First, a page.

18. I'm specifically interested in hearing about your children's experiences with these instructors: Beatty, Cardinale, Osborne and/or Murphy. My rising 8th grade ds may be taking SWI B online next year but I don't know where to begin as far as selecting an instructor. Several time slots would work so it well may come down to instructor reviews. Thanks in advance! : )
  19. Registration for Summer, Fall, and Full-Year 2017-18 courses is now open! New courses include: • Summer Reading Club for Logic Stage Students • Counting and Probability & AoPS Pre-Calculus • Latin I, French II, & German II • Physics for the Logic Stage • Kinesiology & Nutrition I • Science of Writing Grammar Series, from Foundational to Advanced Grammar • Socratic Discussion for the Rhetoric Stage Our unmatched refund policy is very simple and aims to benefit our students and families. If a student withdraws from a course before the end of the withdrawal period (listed below), he will receive a full course tuition refund. Fall and Full-year courses - September 30th Spring courses and Full-year transfers only - February 28th Summer courses - June 30th In addition, because our primary goal is the successful education of our students, we do not charge any fees for section or course changes. The Well-Trained Mind Academy Handbook offers guidance on course planning and placement for both logic-stage (middle) and rhetoric-stage (high school) students. And of course, you can contact us for help! See our website for our full course offerings and to register: www.wtmacademy.com We can’t wait to see you in class! Contact us with questions.
  20. I am wondering about these programs and how to best utilize them. May do with my child over the Summer months.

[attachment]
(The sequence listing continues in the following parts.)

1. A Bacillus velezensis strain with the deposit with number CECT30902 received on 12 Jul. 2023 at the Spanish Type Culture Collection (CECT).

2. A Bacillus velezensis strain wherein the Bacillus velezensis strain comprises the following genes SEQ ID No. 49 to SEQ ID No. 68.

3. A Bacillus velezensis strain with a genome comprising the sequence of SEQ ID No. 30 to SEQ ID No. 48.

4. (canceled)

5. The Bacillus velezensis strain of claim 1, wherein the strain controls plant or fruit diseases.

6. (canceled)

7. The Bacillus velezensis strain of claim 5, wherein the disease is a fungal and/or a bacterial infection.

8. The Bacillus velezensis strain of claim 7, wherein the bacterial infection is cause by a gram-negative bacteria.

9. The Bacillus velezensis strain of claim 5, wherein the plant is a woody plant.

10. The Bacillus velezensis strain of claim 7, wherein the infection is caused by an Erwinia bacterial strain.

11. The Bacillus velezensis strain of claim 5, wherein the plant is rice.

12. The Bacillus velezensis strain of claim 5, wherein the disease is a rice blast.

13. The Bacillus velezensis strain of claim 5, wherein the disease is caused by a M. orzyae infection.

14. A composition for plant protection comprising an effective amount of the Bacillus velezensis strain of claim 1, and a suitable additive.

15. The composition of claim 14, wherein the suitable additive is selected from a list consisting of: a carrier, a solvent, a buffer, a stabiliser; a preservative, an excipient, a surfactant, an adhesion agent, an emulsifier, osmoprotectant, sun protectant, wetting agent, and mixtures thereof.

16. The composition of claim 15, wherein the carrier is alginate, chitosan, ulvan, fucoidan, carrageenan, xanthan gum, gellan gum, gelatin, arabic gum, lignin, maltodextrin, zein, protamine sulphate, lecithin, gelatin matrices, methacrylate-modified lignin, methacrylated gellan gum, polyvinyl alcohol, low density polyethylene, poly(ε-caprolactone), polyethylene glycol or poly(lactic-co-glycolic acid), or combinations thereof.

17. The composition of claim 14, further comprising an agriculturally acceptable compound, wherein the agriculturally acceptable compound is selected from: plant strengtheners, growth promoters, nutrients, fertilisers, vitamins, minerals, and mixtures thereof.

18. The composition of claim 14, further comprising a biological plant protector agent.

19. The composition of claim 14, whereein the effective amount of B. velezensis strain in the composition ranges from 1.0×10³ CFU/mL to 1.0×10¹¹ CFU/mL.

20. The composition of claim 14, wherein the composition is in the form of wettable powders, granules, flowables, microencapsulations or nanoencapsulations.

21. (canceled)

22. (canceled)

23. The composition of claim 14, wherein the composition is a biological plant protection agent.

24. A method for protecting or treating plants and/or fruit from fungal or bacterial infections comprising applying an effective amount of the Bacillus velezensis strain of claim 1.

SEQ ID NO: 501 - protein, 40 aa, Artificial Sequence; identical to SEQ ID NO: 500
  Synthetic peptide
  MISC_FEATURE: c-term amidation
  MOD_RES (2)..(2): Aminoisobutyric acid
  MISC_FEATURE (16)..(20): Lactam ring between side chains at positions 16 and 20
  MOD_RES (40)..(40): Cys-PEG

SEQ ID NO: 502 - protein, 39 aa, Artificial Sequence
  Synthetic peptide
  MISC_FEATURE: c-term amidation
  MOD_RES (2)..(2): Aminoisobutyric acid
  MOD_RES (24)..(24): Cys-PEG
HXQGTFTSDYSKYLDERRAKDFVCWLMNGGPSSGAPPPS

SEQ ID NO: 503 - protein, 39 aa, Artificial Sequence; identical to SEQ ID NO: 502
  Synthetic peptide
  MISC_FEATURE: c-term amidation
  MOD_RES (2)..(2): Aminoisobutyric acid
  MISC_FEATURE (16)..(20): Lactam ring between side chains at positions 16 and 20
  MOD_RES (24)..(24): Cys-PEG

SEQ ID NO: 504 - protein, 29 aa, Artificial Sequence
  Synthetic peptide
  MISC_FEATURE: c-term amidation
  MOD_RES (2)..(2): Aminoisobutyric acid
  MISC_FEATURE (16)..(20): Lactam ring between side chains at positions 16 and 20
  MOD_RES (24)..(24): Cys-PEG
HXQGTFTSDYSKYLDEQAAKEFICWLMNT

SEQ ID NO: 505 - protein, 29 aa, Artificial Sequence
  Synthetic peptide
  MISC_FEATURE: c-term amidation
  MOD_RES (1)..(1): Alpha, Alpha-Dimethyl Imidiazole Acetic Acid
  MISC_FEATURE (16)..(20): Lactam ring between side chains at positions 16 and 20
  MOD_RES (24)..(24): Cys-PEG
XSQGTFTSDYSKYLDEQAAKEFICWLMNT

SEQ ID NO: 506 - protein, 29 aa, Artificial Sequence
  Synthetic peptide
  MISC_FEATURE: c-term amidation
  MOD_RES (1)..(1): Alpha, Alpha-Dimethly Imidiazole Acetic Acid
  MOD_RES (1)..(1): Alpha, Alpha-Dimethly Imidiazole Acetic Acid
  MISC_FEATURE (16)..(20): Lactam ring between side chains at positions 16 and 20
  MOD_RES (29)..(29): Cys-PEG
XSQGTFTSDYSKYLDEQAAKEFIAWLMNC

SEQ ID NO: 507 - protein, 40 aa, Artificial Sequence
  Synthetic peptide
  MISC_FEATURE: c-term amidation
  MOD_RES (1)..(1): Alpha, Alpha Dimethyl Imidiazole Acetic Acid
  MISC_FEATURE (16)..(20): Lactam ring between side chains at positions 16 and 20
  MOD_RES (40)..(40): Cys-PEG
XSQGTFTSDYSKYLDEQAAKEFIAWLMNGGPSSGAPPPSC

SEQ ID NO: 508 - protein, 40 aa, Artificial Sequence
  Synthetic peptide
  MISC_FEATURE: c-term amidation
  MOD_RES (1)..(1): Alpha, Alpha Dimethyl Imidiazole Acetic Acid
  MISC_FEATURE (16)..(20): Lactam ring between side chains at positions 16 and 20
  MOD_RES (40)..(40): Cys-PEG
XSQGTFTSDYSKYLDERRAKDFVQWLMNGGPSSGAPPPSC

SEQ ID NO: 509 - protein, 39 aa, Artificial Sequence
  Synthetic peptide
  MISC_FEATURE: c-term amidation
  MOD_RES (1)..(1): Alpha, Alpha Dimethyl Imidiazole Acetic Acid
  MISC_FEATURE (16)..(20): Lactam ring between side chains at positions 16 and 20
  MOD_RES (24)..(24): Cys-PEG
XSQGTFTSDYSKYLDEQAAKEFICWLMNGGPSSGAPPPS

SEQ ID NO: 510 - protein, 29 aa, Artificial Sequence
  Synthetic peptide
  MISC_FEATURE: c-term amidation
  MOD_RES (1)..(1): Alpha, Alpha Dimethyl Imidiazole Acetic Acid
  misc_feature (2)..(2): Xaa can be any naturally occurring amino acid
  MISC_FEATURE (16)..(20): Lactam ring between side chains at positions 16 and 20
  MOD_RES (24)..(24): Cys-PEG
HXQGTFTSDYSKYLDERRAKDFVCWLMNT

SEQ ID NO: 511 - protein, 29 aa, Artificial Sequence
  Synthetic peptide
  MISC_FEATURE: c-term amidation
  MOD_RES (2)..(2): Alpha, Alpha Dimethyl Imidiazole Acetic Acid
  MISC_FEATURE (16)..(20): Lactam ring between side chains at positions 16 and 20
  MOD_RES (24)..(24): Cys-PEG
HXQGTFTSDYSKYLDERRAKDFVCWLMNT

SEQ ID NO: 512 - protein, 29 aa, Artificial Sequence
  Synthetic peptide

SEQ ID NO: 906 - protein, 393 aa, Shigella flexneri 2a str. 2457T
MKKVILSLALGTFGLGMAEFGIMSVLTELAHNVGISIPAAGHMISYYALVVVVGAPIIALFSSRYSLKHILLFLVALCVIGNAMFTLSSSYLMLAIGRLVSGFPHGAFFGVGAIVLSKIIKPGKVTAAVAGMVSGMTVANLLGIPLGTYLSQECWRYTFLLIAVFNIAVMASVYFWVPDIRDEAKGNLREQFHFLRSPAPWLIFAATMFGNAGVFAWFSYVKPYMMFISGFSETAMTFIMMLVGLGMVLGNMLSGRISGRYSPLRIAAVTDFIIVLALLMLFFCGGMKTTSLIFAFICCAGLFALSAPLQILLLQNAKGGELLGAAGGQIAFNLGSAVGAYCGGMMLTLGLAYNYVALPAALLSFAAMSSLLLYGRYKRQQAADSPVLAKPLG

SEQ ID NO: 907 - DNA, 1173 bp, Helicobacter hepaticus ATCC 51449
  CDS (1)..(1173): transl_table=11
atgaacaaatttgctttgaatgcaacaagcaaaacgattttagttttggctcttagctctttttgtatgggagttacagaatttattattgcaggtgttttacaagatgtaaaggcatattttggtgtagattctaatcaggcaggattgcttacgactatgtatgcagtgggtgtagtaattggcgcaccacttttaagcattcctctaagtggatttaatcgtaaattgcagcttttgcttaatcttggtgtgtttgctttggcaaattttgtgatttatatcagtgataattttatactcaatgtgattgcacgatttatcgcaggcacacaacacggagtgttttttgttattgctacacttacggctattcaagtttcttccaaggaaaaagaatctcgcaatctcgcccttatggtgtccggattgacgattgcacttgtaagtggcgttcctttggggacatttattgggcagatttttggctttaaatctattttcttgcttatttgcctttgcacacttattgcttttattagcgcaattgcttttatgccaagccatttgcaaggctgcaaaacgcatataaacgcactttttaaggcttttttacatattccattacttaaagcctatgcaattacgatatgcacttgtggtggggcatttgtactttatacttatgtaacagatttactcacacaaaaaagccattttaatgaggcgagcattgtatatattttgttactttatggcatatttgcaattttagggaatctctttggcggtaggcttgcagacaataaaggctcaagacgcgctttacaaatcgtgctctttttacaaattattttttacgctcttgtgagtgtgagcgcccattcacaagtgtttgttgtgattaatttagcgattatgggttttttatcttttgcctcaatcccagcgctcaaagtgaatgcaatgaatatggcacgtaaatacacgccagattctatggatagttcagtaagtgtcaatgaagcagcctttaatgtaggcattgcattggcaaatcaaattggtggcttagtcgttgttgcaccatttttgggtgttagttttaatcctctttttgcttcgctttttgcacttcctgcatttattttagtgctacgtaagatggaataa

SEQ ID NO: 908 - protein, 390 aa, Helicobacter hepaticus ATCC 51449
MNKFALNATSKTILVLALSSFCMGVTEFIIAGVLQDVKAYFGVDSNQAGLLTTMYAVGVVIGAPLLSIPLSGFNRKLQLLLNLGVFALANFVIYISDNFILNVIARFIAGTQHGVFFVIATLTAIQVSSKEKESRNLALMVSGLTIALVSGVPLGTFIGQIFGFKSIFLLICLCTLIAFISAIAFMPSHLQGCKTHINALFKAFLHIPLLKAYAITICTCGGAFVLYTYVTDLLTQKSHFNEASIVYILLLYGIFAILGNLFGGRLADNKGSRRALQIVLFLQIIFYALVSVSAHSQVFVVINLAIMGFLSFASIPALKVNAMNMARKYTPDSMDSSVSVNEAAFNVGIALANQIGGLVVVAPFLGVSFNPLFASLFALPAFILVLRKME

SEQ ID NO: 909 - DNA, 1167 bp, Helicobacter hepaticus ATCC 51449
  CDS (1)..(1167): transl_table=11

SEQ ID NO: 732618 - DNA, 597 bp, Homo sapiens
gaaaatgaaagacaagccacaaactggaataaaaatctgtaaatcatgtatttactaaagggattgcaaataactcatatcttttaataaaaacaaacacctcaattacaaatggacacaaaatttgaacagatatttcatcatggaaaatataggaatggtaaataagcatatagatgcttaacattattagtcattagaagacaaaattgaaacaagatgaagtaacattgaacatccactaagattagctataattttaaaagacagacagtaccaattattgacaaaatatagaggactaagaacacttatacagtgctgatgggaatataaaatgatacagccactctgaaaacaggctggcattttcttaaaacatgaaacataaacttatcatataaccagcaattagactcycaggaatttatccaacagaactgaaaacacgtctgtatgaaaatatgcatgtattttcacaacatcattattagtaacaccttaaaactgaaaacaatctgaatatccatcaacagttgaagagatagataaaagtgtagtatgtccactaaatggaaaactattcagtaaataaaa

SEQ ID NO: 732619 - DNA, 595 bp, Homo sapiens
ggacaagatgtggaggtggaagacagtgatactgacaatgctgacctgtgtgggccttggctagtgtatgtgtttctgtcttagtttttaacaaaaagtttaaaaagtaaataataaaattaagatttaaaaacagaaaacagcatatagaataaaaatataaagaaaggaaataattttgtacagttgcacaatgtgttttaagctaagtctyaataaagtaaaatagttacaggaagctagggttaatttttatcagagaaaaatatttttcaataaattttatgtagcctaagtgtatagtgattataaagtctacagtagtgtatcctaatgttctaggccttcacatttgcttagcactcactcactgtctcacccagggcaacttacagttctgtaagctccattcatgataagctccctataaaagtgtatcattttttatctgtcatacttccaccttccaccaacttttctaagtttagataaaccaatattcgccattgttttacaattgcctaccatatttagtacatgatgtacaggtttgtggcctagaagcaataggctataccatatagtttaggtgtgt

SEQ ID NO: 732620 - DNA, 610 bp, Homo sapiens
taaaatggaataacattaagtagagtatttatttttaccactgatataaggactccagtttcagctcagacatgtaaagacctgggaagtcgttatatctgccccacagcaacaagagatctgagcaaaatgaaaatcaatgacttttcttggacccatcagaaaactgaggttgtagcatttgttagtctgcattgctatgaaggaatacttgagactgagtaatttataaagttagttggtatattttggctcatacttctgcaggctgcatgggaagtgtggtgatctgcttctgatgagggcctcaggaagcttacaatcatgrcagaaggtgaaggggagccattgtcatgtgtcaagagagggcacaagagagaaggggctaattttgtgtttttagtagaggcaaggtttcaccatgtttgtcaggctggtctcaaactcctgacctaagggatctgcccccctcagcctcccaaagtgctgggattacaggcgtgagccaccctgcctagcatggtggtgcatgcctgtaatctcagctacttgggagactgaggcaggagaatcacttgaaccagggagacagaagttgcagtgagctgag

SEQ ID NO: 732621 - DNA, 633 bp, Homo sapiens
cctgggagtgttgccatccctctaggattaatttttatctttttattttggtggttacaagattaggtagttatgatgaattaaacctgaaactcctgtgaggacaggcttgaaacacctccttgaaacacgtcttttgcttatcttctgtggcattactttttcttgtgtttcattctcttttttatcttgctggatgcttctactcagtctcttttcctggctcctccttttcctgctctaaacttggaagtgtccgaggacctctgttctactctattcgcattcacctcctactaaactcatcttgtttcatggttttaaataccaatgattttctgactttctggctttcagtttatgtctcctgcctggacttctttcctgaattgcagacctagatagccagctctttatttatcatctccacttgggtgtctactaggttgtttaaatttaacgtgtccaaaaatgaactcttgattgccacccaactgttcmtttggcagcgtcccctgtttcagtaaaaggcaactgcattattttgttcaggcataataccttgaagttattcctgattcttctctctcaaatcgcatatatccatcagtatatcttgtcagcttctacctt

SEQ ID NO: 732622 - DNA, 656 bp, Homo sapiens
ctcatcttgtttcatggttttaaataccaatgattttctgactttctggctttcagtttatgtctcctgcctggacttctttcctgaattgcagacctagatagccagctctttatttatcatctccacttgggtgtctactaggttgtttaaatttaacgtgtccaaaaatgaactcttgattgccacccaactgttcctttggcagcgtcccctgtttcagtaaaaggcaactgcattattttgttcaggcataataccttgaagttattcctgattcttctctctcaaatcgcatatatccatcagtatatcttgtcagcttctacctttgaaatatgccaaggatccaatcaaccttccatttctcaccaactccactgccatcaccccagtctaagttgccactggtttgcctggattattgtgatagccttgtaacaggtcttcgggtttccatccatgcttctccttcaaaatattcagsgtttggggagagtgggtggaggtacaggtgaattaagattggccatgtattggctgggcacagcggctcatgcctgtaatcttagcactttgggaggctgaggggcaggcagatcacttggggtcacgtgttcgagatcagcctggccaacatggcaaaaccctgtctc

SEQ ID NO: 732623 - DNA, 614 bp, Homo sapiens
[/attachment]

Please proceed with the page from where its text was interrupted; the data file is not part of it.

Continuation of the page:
21. Dear Forum Folk, Note: WTMA Fall registration has closed, so subscribe to our newsletter or follow us on Facebook to receive announcements for spring registration! Did you know that our Well-Educated Minds program offers courses for adult learners year-round as an Independent Learning Module? This provides the opportunity for independent learning at your own pace. The Well-Trained Mind has been in the classical education business for over 15 years, providing homeschooling families with high-quality, ground-breaking resources that combine the best of the classical tradition with innovative teaching methods. In fact, more than half a million parents have successfully used the curricula, book lists, and methods of The Well-Trained Mind to teach their children at home. We’re excited to bring you the third year of the Well-Trained Mind Academy, with experienced instructors to further your ability to homeschool your children at middle school and high school levels of learning. We offer small class sizes, with live and delayed-recording courses to meet any schedule - including those seeking additional courses to augment a private, charter, or public school education. Full-year courses include writing (based on our successful "Writing With Skill" workbook series), math, science, music, history, literature, and now foreign languages. We also offer one-semester courses, including Study Skills, Socratic Seminar Discussion, Geography, Grammar, SAT exam preparation, physical education, and several levels of creative writing. Here's what our parents have to say: "My daughter is in the WTMA Algebra 1 class this year. She was so nervous... math was her least favorite subject. Oh, the anxiety it would produce! I have heard her exclaim that she loves math this year and her WTMA teacher is one of her favorites. (And I am wiping sweat off of my brow.)" "...in the past two weeks, our child has actually proclaimed that she is enjoying writing. Awesome!! She is much more focused, diligent and enthusiastic about tackling the assignments." "I've used other online schools. I can honestly say, WTMA has been the best experience!" Preview our courses to see how classical online learning works, then register soon. Classes began September 6th (recordings are available for any missed lectures) and are filling quickly! www.wtmacademy.com